With a high back and a ‘one and a half’ seat, you could say it’s a lover’s seat, it contains a paradox, it’s to be shown and hidden, it’s totemic because it’s almost a piece of sculpture but big and visible, they’re not discrete so you see them. But they are high and curved to hide the people and to allow…[privacy]. That’s the paradox of this chair. They are meant to be in the middle of a space because they are hiding the people.
With regards to the design process, was it a collaborative process between yourself and Karim Mekhitigian or was it a personal process?
The personal process was that I designed it without discussing with Karim, he simply asked me to do a piece. As for my collaboration with Karim, it was not about the commercial aspect, simply about finding more good excuses to keep in touch and keep on with friendly collaborations.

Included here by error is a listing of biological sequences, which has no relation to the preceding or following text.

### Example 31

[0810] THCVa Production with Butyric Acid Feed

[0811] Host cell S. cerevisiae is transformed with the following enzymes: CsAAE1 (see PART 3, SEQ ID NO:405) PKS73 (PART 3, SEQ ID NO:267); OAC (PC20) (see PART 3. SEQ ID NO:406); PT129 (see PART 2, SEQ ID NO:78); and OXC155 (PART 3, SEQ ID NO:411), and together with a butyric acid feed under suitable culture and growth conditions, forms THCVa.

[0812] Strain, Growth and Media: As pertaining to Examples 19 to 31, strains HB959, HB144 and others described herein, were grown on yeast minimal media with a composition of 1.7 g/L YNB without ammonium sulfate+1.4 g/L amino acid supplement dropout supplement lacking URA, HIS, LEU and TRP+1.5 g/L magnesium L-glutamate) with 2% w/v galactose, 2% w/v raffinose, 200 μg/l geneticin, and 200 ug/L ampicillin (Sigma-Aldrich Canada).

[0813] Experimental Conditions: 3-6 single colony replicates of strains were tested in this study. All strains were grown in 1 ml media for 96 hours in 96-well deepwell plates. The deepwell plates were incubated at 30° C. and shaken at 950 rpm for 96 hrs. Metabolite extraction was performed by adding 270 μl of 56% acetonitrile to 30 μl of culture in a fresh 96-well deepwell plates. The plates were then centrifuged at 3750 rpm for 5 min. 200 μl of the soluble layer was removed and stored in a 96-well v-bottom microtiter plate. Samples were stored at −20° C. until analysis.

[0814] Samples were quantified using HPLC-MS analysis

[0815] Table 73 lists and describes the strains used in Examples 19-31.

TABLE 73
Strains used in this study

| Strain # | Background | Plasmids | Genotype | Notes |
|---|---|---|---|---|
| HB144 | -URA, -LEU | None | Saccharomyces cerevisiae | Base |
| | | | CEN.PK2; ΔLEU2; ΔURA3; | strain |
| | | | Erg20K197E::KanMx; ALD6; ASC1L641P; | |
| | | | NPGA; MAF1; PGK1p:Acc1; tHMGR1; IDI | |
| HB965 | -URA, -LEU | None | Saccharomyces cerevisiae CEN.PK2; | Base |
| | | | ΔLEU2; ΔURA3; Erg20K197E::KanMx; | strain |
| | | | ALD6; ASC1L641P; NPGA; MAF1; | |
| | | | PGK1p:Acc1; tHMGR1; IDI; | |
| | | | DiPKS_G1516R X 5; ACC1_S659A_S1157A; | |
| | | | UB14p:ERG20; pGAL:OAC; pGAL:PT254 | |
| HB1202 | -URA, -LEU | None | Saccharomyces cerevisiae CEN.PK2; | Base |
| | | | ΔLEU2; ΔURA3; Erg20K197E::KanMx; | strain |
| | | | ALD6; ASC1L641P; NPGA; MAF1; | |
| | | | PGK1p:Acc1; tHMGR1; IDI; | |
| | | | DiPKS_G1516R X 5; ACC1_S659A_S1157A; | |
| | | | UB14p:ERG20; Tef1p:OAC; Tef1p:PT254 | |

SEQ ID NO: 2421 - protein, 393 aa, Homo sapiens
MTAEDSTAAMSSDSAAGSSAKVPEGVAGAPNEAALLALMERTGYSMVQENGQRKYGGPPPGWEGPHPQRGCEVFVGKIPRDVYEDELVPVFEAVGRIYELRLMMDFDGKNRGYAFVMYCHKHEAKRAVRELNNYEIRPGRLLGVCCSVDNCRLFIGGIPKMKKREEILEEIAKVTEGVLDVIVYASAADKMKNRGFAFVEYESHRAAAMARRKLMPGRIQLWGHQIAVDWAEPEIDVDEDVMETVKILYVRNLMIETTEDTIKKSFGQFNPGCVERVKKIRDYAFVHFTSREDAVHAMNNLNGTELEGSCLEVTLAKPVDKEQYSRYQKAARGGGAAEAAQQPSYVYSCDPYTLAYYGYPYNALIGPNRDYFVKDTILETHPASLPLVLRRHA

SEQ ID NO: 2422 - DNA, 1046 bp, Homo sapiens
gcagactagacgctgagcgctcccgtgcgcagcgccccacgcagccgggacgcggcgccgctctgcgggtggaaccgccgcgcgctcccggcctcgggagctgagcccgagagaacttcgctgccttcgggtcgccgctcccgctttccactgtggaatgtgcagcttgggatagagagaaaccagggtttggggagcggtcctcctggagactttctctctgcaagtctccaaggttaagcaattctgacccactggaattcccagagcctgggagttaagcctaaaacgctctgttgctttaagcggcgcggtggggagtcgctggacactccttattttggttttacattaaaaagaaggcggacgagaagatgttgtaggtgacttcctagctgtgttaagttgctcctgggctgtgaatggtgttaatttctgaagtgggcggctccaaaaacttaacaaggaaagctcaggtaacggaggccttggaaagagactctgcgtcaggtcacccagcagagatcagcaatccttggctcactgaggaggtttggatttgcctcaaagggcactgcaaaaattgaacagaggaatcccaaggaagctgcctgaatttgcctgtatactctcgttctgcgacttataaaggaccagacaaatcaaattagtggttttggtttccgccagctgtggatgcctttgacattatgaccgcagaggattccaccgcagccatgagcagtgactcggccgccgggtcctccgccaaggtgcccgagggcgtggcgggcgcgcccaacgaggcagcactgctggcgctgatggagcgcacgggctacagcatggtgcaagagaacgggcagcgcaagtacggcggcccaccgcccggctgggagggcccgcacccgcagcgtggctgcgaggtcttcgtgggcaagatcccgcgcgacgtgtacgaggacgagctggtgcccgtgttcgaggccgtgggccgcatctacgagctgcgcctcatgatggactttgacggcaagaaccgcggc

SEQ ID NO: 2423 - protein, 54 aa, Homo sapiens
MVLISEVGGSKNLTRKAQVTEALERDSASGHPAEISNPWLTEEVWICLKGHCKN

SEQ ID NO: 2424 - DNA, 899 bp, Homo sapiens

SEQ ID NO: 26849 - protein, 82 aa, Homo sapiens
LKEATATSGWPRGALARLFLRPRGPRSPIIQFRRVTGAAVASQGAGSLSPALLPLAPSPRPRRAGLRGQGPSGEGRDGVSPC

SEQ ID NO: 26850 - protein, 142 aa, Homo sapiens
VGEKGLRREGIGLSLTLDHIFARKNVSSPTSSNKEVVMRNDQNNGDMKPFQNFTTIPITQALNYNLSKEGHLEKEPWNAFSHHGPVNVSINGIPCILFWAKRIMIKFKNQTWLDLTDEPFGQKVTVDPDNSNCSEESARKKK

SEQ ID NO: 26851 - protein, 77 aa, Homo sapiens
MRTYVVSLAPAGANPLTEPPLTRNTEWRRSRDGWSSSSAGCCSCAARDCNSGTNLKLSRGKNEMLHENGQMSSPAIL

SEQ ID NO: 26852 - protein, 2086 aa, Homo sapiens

The chair was never meant to be commercial. Tt was meant to be a good looking show off piece, but made sincerely, not as a joke, to make this partnership with Alchemy Cairo.
So when he asked me to do a piece I said I think I have an idea for you. I designed this piece with 3D renderings, and the piece appeared very shiny and maybe in the plans it was not said that it was lacquered wood or upholstery so he interpreted it in very shiny stainless steel. I like it very much, it’s more of a collaboration. It’s a co-design in the way he interpreted the drawing.
It’s now a piece more than it is a chair.
How is this different than any chair you had designed for Alchemy in the past?